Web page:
After reading this article, I feel like I gained more knowledge on foreign design. I had no idea how different countries found their inspiration behind graphics and how they really got attention to their culture or society. The author said, "Because we are not innately a modern society. Therefore, modernism cannot naturally come from within." This statement is talking about Iran specifically and how modernism, what we in the U.S. use all the time, does not come so easy to them. This is because of their culture and how it is very old fashioned and very much based on traditions and the past.
The author talks about this issue by saying, "One of the most important issues of concern in our cultural graphics is the relationship of the designer with the past and with our visual tradition or Iranian identity. In view of our culture, graphic works should be a continuation of the past or an evolution of the past." This, again, is very different then the U.S. because we are always focused on moving forward and coming up with a great, new idea that no one has ever heard or seen before. Although we do sometimes give pieces of work a more 'old school' look, it is mainly because that is what is in at that time. Doesn't mean we are focused only on our past, but that we want to connect future with oldies. "One of the most important issues of concern in our cultural graphics is the relationship of the designer with the past and with our visual tradition or Iranian identity. In view of our culture, graphic works should be a continuation of the past or an evolution of the past." This is a statement from the author, talking more about how the Iranian traditions and how they will always be incorporated in the current design because that is who they are, a culture who is very proud of their past and traditions and will always want that shown to the public.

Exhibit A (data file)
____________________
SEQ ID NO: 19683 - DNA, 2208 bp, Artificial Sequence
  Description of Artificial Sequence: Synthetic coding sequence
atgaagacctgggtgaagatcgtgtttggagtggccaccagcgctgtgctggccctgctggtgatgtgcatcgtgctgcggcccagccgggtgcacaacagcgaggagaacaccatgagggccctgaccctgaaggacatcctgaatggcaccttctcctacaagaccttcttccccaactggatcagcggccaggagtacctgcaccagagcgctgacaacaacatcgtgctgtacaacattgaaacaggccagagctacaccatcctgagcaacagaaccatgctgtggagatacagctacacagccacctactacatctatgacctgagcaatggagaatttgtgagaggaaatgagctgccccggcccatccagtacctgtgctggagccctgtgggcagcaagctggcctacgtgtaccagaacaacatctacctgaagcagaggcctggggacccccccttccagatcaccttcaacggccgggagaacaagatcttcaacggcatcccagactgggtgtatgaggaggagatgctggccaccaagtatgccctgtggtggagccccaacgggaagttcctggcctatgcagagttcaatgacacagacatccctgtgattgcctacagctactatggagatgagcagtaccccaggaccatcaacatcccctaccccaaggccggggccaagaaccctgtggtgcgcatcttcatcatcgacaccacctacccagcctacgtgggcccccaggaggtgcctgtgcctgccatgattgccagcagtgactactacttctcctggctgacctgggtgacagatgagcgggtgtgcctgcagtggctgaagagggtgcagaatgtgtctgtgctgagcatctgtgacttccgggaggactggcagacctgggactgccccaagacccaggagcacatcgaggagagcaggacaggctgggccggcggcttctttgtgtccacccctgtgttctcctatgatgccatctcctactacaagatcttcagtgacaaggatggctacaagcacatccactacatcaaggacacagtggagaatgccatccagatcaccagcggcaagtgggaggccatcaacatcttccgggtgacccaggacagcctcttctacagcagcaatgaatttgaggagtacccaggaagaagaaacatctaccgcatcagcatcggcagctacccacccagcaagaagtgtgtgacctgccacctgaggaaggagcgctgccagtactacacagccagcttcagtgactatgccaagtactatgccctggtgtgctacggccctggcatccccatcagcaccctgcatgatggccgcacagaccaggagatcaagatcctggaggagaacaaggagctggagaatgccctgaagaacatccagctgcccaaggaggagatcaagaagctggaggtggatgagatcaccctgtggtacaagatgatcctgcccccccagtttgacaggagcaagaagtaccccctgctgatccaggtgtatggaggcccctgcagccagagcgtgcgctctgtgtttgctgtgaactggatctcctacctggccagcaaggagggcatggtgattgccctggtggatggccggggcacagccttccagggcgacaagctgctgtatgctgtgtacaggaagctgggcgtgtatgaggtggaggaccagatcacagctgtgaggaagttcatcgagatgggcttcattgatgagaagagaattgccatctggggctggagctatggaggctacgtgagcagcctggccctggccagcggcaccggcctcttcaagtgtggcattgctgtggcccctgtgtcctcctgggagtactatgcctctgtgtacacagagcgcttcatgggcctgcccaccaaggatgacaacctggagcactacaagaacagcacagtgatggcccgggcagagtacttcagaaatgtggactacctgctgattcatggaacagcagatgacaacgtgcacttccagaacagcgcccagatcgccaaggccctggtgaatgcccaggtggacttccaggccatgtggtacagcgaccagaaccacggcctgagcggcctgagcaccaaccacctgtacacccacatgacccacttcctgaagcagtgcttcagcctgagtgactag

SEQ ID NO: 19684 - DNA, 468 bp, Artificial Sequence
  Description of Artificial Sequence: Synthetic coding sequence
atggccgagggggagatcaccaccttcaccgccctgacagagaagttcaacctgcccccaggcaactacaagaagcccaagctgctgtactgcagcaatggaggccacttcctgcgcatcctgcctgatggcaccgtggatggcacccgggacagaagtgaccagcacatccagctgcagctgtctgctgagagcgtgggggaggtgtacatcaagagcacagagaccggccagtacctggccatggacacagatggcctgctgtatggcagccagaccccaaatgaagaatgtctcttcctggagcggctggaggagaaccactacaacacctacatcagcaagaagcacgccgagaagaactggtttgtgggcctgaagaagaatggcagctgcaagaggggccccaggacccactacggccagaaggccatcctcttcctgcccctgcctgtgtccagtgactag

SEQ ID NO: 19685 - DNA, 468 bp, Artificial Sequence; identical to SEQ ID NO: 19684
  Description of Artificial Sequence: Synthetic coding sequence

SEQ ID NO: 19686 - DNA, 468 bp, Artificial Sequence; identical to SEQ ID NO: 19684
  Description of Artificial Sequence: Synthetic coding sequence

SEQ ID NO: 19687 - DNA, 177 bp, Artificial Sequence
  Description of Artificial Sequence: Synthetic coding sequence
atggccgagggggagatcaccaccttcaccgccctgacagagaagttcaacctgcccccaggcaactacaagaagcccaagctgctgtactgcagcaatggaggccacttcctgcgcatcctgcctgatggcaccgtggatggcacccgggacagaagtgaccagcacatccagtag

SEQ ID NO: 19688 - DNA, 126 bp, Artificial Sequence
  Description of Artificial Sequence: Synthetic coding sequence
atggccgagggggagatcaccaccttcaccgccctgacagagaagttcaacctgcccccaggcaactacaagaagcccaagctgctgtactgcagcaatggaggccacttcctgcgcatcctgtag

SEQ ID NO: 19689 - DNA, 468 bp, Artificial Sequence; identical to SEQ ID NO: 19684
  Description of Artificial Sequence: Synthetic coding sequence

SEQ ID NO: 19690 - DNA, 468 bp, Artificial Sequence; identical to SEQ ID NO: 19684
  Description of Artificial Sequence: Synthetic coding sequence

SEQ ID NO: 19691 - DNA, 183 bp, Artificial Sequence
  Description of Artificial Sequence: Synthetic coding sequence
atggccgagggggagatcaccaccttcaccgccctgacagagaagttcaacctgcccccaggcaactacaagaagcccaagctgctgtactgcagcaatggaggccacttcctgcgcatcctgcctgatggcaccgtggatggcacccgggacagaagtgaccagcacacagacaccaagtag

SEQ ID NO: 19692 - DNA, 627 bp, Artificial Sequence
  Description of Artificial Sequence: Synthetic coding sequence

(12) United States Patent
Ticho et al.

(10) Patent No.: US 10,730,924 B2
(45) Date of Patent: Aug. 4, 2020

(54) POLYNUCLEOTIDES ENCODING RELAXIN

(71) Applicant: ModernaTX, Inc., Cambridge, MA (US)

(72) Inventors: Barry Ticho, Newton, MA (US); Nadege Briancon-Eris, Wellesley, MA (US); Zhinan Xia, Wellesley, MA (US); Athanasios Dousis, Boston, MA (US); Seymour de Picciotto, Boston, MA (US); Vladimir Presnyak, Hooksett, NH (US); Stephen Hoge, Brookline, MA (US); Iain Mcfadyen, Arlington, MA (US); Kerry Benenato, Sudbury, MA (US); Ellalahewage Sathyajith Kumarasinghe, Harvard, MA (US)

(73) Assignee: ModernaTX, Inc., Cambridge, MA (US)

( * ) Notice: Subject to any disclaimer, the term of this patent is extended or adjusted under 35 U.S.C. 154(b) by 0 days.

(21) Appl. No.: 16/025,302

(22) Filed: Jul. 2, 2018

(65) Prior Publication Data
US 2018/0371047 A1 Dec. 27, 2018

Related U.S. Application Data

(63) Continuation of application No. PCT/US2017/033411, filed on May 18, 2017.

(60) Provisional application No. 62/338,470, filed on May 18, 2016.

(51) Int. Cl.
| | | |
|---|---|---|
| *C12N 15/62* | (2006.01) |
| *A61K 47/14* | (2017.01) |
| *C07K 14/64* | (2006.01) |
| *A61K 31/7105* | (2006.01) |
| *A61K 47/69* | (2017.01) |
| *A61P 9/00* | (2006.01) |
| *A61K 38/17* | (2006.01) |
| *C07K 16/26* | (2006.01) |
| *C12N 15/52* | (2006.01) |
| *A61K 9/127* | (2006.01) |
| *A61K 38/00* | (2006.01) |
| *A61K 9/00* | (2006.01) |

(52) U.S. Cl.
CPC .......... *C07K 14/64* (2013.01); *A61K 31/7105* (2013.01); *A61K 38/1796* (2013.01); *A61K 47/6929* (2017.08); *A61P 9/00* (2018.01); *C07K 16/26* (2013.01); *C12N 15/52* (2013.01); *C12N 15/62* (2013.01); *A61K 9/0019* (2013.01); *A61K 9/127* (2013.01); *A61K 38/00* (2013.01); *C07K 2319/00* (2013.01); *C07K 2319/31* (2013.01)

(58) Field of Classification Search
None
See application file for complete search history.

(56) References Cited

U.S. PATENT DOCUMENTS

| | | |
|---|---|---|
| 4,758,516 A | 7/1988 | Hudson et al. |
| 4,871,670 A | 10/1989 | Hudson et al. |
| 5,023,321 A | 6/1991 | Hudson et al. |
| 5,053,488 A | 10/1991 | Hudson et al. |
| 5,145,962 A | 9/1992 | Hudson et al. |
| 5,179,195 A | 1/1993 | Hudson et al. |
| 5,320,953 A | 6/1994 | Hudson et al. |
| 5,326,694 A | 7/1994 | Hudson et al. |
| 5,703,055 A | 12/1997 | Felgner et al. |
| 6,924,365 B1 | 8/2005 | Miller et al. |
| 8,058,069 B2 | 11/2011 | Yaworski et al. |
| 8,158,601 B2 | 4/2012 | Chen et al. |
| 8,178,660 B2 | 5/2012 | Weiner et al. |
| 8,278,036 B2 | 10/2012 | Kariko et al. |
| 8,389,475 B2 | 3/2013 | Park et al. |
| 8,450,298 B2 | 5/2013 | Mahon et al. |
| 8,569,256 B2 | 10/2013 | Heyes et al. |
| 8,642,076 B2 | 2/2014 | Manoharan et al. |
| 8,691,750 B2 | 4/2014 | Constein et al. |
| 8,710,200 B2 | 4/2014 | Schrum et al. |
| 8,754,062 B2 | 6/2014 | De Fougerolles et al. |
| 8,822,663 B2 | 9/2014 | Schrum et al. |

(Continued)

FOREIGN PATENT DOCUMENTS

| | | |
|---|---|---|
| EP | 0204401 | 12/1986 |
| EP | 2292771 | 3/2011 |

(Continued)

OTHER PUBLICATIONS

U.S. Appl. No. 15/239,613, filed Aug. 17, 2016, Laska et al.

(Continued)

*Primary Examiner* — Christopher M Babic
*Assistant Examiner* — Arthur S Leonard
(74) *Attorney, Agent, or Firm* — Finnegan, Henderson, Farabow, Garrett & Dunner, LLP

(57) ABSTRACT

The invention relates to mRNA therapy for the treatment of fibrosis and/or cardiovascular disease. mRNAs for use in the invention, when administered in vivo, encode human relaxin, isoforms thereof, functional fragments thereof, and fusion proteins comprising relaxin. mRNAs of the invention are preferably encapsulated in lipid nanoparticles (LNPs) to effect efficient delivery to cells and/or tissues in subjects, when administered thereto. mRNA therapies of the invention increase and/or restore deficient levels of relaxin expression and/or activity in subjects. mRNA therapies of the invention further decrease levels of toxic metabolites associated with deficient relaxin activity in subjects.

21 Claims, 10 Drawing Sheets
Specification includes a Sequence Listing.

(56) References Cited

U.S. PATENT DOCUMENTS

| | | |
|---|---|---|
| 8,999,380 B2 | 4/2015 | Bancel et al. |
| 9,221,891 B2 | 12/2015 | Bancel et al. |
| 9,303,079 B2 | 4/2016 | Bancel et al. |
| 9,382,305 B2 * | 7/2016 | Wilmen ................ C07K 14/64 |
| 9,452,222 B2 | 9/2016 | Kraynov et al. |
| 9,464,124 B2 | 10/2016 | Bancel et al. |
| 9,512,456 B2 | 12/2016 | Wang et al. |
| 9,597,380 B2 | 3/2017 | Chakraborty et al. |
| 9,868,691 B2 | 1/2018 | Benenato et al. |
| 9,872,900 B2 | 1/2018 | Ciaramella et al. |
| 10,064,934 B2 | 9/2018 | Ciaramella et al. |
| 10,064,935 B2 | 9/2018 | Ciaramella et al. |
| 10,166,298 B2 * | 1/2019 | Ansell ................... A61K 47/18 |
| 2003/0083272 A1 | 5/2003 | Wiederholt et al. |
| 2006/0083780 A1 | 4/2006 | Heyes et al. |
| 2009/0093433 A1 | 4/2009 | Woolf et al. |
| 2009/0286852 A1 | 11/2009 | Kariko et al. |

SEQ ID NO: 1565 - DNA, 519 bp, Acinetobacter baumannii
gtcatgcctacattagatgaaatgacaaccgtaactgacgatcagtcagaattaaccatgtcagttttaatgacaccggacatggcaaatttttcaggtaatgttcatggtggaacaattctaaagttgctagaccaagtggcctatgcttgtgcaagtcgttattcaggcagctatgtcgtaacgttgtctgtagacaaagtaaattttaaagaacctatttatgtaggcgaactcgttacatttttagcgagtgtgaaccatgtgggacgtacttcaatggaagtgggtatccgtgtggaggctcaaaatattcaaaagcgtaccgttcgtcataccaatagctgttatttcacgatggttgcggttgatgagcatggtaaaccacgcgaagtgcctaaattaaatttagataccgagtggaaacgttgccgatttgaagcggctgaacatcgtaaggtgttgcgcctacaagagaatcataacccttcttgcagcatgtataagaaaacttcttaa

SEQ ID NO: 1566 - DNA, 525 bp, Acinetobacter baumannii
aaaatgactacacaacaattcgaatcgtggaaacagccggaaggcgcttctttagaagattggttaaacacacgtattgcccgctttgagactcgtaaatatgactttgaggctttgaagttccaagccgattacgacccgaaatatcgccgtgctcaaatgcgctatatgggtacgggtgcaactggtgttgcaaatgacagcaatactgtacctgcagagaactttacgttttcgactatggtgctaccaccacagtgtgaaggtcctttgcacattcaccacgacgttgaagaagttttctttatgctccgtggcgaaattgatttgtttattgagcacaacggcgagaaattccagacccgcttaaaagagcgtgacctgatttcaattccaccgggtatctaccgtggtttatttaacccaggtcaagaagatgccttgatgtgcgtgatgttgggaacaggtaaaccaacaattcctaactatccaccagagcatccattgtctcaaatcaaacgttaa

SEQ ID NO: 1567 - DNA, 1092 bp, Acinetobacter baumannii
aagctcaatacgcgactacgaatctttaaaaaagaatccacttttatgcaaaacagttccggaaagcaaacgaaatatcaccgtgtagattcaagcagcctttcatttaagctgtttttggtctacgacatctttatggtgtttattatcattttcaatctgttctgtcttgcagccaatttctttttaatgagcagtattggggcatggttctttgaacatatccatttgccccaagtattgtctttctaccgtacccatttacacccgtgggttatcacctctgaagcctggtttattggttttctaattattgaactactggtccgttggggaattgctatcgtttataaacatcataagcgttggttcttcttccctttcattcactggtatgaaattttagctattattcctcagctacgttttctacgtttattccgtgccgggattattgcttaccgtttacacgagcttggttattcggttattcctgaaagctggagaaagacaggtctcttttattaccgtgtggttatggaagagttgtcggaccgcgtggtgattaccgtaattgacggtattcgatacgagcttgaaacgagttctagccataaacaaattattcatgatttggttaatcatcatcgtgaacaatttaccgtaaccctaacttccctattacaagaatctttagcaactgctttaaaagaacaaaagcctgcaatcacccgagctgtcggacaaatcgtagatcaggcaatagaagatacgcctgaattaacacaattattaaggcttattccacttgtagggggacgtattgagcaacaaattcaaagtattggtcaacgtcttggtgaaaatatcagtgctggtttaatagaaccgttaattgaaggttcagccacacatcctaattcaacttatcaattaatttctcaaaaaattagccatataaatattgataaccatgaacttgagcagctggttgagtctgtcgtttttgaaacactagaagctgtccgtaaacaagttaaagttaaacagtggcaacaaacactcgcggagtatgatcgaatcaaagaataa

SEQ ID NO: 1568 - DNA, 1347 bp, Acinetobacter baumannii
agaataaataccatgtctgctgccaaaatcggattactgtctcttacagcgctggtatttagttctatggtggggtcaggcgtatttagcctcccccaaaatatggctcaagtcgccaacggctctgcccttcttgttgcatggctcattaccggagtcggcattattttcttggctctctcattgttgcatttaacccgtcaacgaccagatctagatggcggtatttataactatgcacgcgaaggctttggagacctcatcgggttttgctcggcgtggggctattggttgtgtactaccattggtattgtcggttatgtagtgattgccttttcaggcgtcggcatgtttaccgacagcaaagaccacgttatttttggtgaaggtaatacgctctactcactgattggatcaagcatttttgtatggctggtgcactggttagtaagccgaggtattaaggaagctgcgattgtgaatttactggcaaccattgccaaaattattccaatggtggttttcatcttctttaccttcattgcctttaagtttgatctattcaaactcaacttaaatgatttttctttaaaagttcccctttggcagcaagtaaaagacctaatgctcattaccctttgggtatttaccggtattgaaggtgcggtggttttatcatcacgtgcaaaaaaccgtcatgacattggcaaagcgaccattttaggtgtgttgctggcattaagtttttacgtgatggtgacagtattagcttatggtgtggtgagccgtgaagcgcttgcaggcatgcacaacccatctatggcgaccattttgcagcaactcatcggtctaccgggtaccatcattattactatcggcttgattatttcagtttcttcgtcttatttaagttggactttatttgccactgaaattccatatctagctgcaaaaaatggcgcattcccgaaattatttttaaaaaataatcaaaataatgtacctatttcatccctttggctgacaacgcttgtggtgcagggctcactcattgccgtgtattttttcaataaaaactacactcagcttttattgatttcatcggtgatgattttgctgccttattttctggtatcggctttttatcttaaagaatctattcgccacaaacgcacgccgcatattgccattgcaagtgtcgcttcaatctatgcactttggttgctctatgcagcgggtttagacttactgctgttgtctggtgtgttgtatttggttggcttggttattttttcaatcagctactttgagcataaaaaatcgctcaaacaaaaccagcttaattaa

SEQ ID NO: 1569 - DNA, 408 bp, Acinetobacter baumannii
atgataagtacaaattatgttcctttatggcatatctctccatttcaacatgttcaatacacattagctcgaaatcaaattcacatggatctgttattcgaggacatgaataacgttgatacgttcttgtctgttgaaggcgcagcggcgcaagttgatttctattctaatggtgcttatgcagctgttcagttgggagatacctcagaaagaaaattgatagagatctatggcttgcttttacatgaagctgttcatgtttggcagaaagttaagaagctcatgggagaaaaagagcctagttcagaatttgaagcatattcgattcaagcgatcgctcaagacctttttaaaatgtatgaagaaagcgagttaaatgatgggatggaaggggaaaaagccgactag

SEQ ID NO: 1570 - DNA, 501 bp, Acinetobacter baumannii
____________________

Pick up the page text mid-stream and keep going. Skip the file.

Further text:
Reading: The Charity Begins at Work Problem